The June Bridgehampton Summer Antique Show was conducted at the Community House on June 19-20. Produced by South Bay Auctions, Inc, there were about 35 dealers with a wide range of antiques from American formal and country to English and European to Asian and rugs.
The show’s history includes about 15 years under the management of local dealers Morgan MacWhinnie and Jean Lauer. South Bay Auctions took over about five years ago, continuing the long tradition of offering a very wide variety of antiques from dealers who are primarily in the greater New York area
South Bay Auctions, Inc has been an auction company for more than 20 years. It is headquartered in East Mo-riches, a little west of Bridgehampton, or, as it is often referred to in the area, “West of the bridge,” a bridge over the Shinnecock Canal that has come to symbolize the separation between the Hamptons and the rest of the world. This is largely due to the driving and roads in the area, as east of the bridge there are mostly two lanes, slow traffic, stoplights, etc, and west of it, there are four lanes, divided roadways and no lights, so driving is faster.
Isette Talpe and Henry Broggi began their business while still teaching school in Bridgehampton. Broggi said his school once had a charity auction and he was drafted into becoming the auctioneer. He liked doing it and seemed to be good getting the stuff sold. Talpe had been involved with antiques since the late 1960s, first as a collector for her own home then as a dealer doing shows, including Hartford and some for Russell Carrell. Together they took the next step, opening their own auction house, which has been very successful.
Bridgehampton Community House was built in 1921 and dedicated in 1923 as a facility to fill the local needs for a meeting place, according to Julie Greene, state archivist on Long Island collections. It is used for meetings, exhibits, sales and antiques shows. South Bay has two in the building, using the main floor and a lower level to accommodate about 22 exhibiting dealers.
Guarding the entrance was a pair of cast stone lions priced at $4,000. Just behind them was Portsmouth, R.I.-based Web and Jill and Wilson’s LooLoo Design, with an extensive collection of Nineteenth Century door hardware. Wilson has recently released his book, a price guide on early hardware; copies were available at the show.
Jim Campbell was offering a collection for an antique bedroom, including a mahogany bed, a Federal period chest of drawers with glove box drawers, some early rugs and coverlets. William Grotheer had some early Chinese export dishes, which were housed in small tables of Chippendale style along with an extensive collection of small antiques from his shop. Grotheer and Campbell are from Huntington, N.Y., and work together along with R.S. (Toby) Kissam of Northport, N.Y., as volunteers producing one show each in the winter in their home area of Greenlawn, Northport and Lloyd Harbor. Kissam was also set up here with his specialty, early maps and nautical charts, especially of the area.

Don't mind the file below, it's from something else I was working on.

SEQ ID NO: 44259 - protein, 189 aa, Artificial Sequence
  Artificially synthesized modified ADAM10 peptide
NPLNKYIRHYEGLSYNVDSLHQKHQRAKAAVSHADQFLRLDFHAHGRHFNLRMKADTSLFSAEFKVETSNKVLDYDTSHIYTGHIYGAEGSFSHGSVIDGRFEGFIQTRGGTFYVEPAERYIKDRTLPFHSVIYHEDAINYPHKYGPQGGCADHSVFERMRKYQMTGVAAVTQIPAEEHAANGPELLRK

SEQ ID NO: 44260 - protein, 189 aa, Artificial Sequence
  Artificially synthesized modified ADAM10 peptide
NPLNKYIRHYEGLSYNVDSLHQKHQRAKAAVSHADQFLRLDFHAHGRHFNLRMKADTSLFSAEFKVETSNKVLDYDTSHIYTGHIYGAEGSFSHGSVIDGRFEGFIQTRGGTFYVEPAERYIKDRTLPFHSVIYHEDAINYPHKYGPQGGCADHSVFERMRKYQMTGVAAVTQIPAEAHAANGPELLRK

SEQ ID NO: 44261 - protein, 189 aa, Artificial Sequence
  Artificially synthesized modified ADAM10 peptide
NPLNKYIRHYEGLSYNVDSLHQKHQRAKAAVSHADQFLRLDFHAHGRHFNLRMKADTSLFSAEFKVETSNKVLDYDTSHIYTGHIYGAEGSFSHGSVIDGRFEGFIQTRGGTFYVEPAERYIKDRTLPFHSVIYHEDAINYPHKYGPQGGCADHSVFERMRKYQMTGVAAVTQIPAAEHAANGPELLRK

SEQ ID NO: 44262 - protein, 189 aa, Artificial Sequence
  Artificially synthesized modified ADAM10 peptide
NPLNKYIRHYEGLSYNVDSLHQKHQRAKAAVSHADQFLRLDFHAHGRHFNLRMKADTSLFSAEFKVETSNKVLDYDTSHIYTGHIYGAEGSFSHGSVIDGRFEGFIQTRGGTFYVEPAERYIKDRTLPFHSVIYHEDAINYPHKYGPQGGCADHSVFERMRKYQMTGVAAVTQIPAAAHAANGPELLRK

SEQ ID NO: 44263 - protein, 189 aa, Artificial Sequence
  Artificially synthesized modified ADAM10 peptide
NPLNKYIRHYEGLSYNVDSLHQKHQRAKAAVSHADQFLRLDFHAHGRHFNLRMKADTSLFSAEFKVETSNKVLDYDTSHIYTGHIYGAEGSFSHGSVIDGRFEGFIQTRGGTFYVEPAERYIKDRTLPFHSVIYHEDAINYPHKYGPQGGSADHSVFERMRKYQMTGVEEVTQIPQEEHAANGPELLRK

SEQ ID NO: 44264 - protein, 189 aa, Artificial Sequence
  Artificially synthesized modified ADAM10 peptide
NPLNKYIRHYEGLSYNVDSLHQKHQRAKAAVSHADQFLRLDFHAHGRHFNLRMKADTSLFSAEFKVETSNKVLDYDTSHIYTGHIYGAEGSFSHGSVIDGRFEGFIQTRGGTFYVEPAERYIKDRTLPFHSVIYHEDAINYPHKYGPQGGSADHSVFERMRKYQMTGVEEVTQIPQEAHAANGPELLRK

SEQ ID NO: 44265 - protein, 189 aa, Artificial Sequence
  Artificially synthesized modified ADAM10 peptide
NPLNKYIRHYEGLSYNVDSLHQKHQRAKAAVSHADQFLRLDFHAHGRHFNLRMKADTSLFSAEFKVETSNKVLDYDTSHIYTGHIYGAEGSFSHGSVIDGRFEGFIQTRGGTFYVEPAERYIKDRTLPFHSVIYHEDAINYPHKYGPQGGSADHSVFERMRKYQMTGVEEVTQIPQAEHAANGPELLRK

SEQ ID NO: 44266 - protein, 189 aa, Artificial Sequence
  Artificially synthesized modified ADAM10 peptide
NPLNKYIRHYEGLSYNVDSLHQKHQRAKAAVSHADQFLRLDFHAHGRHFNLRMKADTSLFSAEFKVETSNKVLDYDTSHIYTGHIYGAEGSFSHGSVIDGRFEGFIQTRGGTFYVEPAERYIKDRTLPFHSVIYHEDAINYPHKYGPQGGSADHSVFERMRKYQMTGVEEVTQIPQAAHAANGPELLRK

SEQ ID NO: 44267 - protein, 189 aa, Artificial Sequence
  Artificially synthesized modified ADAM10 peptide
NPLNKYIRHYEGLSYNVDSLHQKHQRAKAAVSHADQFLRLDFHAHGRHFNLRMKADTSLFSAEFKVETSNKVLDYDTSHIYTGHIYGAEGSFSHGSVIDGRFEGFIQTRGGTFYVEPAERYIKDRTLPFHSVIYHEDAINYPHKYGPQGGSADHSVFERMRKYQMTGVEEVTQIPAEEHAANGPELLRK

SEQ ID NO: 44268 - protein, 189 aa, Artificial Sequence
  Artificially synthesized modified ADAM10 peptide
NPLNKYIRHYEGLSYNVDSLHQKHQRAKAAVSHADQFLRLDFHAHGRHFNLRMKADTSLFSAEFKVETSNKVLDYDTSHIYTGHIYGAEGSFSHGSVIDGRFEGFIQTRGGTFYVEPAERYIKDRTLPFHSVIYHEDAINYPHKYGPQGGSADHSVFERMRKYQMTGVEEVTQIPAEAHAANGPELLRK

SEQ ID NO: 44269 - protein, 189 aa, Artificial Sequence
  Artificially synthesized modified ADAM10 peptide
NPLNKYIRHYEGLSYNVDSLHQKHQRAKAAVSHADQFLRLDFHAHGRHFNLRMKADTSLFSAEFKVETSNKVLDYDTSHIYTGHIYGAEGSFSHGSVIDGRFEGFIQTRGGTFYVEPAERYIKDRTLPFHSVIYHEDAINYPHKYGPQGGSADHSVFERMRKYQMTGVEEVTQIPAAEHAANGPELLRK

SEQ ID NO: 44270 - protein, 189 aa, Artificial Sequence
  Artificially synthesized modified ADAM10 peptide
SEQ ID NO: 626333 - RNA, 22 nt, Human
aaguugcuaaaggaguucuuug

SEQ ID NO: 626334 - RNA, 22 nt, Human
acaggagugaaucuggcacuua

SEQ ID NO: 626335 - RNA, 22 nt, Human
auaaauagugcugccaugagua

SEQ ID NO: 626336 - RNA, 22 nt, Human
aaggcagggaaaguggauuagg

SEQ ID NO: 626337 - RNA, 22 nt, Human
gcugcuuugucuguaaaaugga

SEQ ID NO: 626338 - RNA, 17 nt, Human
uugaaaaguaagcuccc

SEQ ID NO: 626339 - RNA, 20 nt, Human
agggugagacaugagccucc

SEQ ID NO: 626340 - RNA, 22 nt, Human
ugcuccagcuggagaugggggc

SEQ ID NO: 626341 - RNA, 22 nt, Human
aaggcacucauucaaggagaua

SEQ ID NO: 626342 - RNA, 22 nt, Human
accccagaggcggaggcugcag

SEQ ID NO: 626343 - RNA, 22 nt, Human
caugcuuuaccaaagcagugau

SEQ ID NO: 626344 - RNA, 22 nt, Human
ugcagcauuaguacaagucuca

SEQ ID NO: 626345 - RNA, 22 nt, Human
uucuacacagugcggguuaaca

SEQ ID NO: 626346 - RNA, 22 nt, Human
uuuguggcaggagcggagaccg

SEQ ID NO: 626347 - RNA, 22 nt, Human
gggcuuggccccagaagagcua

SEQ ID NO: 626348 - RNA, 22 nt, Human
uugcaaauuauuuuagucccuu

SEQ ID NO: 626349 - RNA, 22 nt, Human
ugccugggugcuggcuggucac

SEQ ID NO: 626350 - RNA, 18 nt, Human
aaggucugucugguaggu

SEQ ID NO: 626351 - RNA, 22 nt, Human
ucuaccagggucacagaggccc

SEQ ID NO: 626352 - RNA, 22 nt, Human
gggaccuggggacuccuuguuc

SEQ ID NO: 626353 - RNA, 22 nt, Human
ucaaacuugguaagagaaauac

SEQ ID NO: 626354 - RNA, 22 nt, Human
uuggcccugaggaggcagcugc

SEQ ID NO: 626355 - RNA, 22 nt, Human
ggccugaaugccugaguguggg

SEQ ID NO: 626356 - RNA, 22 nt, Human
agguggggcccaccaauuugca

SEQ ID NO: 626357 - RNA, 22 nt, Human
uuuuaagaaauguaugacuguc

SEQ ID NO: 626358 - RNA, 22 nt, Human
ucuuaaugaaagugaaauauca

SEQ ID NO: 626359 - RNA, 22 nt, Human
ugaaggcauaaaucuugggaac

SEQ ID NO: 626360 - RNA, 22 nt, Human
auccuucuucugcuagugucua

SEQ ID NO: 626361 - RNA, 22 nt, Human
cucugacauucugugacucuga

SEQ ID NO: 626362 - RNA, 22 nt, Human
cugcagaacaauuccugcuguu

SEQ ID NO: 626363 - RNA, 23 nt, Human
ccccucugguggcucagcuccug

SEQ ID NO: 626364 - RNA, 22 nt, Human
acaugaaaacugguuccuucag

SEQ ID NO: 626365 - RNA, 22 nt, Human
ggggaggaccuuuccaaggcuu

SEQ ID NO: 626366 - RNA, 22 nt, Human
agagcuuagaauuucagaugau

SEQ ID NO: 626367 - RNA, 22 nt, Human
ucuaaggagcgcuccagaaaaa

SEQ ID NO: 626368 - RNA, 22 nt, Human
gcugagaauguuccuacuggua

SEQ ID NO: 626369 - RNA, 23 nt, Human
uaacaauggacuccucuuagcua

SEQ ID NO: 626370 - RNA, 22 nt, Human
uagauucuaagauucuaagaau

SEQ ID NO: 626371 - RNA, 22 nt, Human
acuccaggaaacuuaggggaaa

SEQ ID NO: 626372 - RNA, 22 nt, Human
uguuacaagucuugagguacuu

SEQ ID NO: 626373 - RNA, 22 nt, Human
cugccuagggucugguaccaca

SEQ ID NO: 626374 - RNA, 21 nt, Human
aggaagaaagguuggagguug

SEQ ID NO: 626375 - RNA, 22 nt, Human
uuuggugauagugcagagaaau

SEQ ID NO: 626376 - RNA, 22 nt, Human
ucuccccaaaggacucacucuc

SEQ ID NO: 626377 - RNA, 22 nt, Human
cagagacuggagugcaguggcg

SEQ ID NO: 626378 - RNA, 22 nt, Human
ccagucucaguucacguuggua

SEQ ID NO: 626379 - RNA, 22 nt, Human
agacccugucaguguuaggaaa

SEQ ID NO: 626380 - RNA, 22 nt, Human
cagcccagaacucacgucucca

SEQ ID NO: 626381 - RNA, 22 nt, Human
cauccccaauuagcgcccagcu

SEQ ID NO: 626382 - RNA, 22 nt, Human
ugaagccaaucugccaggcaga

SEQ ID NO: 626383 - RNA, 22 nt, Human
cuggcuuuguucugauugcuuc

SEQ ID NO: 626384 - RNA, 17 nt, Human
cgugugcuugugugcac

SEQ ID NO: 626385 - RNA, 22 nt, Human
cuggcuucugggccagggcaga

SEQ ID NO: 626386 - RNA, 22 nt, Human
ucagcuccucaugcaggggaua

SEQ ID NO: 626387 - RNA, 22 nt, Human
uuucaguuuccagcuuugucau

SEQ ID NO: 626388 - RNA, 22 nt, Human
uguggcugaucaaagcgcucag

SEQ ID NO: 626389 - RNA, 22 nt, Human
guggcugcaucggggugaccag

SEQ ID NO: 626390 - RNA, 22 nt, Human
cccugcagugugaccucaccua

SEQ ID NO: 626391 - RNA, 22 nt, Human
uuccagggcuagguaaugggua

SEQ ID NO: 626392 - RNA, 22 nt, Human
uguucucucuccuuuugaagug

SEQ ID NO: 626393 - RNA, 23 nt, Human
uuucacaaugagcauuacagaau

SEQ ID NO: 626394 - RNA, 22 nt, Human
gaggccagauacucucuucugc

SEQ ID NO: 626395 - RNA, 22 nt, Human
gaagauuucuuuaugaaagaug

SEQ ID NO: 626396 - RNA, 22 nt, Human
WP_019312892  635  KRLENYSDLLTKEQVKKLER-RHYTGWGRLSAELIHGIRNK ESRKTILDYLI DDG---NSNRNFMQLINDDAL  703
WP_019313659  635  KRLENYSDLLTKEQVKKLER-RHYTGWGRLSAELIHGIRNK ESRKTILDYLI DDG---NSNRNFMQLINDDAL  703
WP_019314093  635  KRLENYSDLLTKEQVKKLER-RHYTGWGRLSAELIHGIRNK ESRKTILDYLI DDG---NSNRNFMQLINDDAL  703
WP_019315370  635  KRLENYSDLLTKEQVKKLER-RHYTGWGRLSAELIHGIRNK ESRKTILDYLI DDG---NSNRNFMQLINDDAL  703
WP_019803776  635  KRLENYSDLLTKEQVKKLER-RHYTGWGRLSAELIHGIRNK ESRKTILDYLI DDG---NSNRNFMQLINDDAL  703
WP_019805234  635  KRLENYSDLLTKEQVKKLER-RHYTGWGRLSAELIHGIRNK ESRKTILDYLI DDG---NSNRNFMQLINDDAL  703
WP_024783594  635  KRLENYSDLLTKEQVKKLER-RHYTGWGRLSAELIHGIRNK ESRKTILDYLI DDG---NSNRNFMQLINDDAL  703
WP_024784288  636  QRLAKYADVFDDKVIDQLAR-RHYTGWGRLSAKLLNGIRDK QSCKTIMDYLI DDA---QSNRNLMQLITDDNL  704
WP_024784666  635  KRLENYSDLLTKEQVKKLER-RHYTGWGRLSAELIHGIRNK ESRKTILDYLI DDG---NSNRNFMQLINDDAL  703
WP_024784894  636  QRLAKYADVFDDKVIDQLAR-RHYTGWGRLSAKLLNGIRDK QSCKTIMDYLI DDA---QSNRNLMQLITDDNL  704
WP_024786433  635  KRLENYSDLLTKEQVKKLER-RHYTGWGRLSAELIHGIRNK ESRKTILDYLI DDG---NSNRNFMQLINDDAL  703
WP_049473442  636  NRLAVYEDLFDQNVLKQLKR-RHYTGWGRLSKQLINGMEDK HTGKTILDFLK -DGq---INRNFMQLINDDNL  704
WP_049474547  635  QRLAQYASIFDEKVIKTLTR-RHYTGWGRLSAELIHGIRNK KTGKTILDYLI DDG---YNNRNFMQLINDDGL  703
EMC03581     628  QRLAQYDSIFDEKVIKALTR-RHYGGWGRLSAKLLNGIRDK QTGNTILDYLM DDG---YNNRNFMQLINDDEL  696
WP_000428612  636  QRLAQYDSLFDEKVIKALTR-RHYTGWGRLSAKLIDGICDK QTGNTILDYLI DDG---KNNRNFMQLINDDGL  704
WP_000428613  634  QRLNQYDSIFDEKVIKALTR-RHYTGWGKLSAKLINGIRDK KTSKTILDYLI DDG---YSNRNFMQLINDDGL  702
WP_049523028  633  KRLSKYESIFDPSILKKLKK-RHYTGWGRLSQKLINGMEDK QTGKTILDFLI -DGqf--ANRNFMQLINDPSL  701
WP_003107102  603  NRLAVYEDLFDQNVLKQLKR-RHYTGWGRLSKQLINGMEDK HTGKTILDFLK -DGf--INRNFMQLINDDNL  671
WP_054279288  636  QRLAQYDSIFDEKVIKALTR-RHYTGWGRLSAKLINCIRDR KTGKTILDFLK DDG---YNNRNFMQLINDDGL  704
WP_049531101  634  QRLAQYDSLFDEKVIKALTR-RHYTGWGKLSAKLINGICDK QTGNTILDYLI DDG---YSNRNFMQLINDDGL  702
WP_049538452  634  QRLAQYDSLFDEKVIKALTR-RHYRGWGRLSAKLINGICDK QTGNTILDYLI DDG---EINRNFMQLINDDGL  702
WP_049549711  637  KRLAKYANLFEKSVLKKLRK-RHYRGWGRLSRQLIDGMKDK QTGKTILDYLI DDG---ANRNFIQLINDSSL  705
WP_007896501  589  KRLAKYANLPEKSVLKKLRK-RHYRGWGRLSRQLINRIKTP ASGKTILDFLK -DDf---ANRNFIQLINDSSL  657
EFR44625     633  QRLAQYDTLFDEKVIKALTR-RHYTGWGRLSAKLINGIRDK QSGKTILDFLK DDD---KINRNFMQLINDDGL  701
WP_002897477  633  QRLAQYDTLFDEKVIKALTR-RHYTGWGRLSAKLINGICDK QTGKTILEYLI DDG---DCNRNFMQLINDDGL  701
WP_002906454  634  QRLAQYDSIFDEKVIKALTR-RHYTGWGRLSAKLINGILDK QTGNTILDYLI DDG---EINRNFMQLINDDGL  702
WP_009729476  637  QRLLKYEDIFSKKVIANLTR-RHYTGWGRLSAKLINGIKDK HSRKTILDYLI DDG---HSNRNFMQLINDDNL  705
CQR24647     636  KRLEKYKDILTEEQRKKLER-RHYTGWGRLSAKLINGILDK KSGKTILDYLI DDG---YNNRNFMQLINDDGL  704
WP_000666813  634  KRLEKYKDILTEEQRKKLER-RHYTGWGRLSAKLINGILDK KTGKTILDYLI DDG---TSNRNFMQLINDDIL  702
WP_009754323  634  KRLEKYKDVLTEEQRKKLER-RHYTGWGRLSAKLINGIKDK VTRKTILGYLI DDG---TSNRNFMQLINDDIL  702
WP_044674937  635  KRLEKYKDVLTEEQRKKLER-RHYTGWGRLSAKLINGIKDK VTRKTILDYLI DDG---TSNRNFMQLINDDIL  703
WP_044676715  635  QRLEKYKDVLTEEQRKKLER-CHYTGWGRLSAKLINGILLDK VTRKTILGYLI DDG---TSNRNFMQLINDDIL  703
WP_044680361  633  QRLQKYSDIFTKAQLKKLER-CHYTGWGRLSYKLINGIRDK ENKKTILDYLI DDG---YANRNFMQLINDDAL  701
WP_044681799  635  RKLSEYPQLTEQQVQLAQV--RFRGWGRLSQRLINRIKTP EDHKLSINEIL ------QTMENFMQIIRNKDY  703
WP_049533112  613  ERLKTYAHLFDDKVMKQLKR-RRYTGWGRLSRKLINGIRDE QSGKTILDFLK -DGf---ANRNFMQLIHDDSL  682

Patricia Barger, Fairfield, Conn., can be found at better shows throughout the East. She offered a Duncan Phyfe-style sofa in excellent condition, a mahogany Chippendale secretary desk, a Governor Winthrop-style desk and her specialty, several tall-case clocks. Sally Orent, Ltd, Bayshore, N.Y., had a large assortment of Oriental accessories. Brooklyn, N.Y., dealer Victoria’s Antique Quilts was there, with quilts, and Giovanelli Fine Arts, New York City, had fine art.
Show co-founder Jean Lauer had a small display with a showcase filled with early porcelain in addition to some furniture. Morgan MacWhinnie, the other co-founder, is primarily a furniture dealer offering American furniture from colonial to Revolutionary periods. He had a particularly sweet child’s chair, circa 1775, in old paint with a splint seat and priced at $850.
South Bay Auctions had two exhibits on the lower level. The first was of antiques for sale at the show and it included a hutch table, which sold, and other early American furniture. The second display was a preview of the July 3 auction that was to be conducted at its East Moriches Gallery.
South Bay Auctions’ next show is again at the Bridgehampton Community House, Route 27, also known as Montauk Highway, Friday-Sunday, August 13-15. For information, 631-878-2909 or .